When you hear dialogue like: "So, what do you know about the history of my country?" you know you're in for a whole lot of exposition. While its pro-Taiwan agenda has a few important facts to teach American audiences about Chiang Kai-shek's massacre of 30,000 islanders (aka the "228 Incident") as well as the thorny issues surrounding U.S.-Chinese relations, Formosa Betrayed is essentially a Wikipedia entry dressed up as a clumsy political thriller.
The modestly budgeted movie, partially funded by Taiwanese expats, does a decent job of laying out its political agenda, but struggles to keep its editorializing from subverting the cable-TV-ready plot.
Set in the mid-'80s, at the tail end of Taiwan's White Terror period of martial law, the film's supposedly inspired by the real-life murders of two pro-independence activists. James Van Der Beek plays an FBI agent sent to the island formerly known as Formosa to observe and assist in the investigation of an assassinated Taiwanese-American professor. Instead of justice, however, he encounters secretive government officials determined to thwart his efforts to find the killers. In true American-movie fashion, Van Der Beek oversteps his authority in an attempt to reveal a government conspiracy and ends up implicating American interests. (In case you miss the point, we see several photos of Mao and Nixon shaking hands.)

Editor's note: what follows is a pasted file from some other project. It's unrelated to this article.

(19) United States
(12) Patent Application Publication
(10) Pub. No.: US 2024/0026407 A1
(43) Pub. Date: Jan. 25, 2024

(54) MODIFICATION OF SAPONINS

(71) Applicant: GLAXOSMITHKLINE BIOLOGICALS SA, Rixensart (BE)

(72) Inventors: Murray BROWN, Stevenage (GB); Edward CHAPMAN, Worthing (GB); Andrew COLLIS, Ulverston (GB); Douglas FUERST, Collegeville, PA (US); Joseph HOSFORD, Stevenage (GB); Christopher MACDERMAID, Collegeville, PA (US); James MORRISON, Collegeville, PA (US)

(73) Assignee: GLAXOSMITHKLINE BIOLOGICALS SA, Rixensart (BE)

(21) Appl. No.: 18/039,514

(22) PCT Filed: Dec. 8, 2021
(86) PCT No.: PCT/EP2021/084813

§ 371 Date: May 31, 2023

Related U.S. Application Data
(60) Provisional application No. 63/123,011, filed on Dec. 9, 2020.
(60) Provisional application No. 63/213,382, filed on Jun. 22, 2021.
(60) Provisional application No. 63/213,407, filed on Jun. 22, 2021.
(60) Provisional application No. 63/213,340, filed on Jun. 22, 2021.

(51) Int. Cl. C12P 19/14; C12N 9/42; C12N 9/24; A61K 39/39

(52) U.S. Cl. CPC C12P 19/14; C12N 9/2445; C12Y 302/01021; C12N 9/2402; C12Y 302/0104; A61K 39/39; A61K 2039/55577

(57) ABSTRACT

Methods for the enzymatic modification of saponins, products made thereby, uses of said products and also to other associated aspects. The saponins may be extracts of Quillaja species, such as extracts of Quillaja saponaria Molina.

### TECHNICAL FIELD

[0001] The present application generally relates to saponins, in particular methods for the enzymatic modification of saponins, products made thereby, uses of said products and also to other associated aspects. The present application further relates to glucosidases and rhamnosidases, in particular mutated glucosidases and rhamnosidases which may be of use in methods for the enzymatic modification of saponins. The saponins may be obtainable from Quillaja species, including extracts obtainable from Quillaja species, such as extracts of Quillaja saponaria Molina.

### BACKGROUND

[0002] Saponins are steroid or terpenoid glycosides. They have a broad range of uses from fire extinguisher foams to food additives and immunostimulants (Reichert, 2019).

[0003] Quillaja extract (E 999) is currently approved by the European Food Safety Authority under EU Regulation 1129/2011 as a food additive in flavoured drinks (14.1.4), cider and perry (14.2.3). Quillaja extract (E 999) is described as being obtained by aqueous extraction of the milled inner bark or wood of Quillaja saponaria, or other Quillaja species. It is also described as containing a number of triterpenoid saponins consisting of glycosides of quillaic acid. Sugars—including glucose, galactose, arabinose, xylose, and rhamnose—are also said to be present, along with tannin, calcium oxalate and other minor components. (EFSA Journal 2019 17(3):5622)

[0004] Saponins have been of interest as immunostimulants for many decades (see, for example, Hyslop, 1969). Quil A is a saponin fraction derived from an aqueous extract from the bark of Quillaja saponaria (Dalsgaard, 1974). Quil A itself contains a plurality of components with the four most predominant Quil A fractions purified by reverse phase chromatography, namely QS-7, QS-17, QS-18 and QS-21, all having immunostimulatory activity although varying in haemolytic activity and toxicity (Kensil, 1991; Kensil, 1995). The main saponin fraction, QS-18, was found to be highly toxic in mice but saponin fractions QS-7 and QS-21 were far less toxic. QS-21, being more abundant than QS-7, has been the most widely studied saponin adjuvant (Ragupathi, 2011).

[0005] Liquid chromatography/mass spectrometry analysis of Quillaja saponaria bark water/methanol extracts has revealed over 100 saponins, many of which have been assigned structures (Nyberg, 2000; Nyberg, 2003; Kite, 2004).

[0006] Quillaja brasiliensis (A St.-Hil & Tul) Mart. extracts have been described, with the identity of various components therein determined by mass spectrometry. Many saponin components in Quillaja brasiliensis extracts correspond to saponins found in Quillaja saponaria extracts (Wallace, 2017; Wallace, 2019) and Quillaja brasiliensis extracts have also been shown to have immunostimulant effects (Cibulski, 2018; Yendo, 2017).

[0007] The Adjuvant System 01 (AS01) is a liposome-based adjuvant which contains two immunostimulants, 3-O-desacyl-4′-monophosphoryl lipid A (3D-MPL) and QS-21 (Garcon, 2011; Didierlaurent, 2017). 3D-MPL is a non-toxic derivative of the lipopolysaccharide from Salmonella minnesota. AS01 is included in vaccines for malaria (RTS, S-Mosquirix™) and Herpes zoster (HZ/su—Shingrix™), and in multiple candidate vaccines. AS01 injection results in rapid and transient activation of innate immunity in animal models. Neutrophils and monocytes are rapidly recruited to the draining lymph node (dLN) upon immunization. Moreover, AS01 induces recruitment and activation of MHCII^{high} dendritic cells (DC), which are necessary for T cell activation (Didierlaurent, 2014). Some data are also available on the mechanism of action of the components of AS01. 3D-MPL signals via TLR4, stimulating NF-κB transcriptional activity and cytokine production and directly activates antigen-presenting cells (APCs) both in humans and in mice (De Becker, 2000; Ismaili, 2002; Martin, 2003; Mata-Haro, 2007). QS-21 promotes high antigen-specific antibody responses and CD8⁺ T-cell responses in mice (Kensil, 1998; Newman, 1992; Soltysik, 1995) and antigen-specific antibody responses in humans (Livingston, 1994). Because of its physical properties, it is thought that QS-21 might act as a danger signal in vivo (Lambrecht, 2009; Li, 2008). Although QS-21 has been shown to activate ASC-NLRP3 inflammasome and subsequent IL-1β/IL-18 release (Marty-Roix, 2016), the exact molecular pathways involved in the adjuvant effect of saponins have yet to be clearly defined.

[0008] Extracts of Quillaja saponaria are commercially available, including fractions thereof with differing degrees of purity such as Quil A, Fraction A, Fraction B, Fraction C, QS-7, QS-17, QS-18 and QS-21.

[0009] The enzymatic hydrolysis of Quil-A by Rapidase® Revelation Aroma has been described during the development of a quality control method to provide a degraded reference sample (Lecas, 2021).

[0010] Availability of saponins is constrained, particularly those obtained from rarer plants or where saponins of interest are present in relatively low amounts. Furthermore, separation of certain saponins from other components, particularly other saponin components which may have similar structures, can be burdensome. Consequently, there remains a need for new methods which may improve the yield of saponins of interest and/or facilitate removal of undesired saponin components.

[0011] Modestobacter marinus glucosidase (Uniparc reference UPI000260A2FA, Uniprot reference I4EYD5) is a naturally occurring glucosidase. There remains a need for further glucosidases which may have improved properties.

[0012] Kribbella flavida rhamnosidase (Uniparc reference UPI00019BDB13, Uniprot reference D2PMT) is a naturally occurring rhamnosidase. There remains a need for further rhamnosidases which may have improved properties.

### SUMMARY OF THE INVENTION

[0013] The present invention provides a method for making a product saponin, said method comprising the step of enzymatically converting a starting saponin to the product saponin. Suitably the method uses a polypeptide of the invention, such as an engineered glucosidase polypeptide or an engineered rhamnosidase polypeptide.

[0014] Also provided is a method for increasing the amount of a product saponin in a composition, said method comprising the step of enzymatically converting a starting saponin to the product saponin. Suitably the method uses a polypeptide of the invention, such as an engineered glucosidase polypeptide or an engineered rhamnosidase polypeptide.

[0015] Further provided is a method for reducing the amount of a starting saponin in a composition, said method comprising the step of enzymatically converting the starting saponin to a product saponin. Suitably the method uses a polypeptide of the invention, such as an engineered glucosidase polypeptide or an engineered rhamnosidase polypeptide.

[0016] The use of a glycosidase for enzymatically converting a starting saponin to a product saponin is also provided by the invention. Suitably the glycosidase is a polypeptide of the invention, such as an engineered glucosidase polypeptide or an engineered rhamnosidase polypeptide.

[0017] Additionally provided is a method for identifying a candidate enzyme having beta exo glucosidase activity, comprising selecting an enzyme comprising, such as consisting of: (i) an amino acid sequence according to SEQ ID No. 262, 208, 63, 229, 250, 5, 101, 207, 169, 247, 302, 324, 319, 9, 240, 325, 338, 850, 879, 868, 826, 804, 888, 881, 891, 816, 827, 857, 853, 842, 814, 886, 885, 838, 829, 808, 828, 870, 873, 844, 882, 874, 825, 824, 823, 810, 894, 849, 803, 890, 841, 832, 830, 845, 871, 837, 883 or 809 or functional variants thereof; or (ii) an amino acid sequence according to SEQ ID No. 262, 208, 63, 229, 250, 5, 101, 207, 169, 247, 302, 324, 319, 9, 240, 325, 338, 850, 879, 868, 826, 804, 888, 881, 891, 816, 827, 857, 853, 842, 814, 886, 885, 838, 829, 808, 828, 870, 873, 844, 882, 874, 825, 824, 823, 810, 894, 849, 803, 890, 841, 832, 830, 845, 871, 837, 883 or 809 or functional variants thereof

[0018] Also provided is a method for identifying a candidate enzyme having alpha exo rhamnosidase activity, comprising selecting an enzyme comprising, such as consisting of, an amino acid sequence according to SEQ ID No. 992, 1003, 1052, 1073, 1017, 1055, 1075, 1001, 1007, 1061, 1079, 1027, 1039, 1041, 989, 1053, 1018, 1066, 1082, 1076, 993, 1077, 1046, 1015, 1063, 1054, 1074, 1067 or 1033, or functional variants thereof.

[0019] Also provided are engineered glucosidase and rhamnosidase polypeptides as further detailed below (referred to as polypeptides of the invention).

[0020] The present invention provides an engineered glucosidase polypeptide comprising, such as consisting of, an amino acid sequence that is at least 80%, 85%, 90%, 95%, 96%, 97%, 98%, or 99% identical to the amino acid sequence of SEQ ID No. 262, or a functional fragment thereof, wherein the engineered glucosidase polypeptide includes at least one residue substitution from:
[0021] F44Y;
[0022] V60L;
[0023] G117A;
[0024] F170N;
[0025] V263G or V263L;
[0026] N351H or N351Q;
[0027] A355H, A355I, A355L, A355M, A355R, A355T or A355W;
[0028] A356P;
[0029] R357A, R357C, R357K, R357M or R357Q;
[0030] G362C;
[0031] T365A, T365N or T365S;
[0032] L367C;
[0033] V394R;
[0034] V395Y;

There are many examples of engaging thrillers with bold political statements, unfortunately, Formosa Betrayed's producer and co-writer, Will Tiao (who also plays a Taiwanese activist) allows agenda to overshadow entertainment. Heavy-handed speechifying, poorly sketched characters, a lack of urgency, and a narrative that ineffectively flashes backward and forward undermine any chance for real suspense. Revelations are unceremoniously dropped into Van Der Beek's lap rather than discovered, and the final-act melodrama comes off as a desperate attempt to redeem the scattershot plot. TV director Adam Kane valiantly tries to keep the focus and energy on the thriller elements but is hamstrung by a script that can't keep its mouth shut long enough to excite.
With more than a thousand Chinese missiles pointed at Taiwan, and America's commitment to help defend the island nation without actually acknowledging its sovereignty, there's plenty of grist for the dramatic mill. Tragically, Formosa Betrayed is further evidence that the road to good intentions is paved with lackluster movies.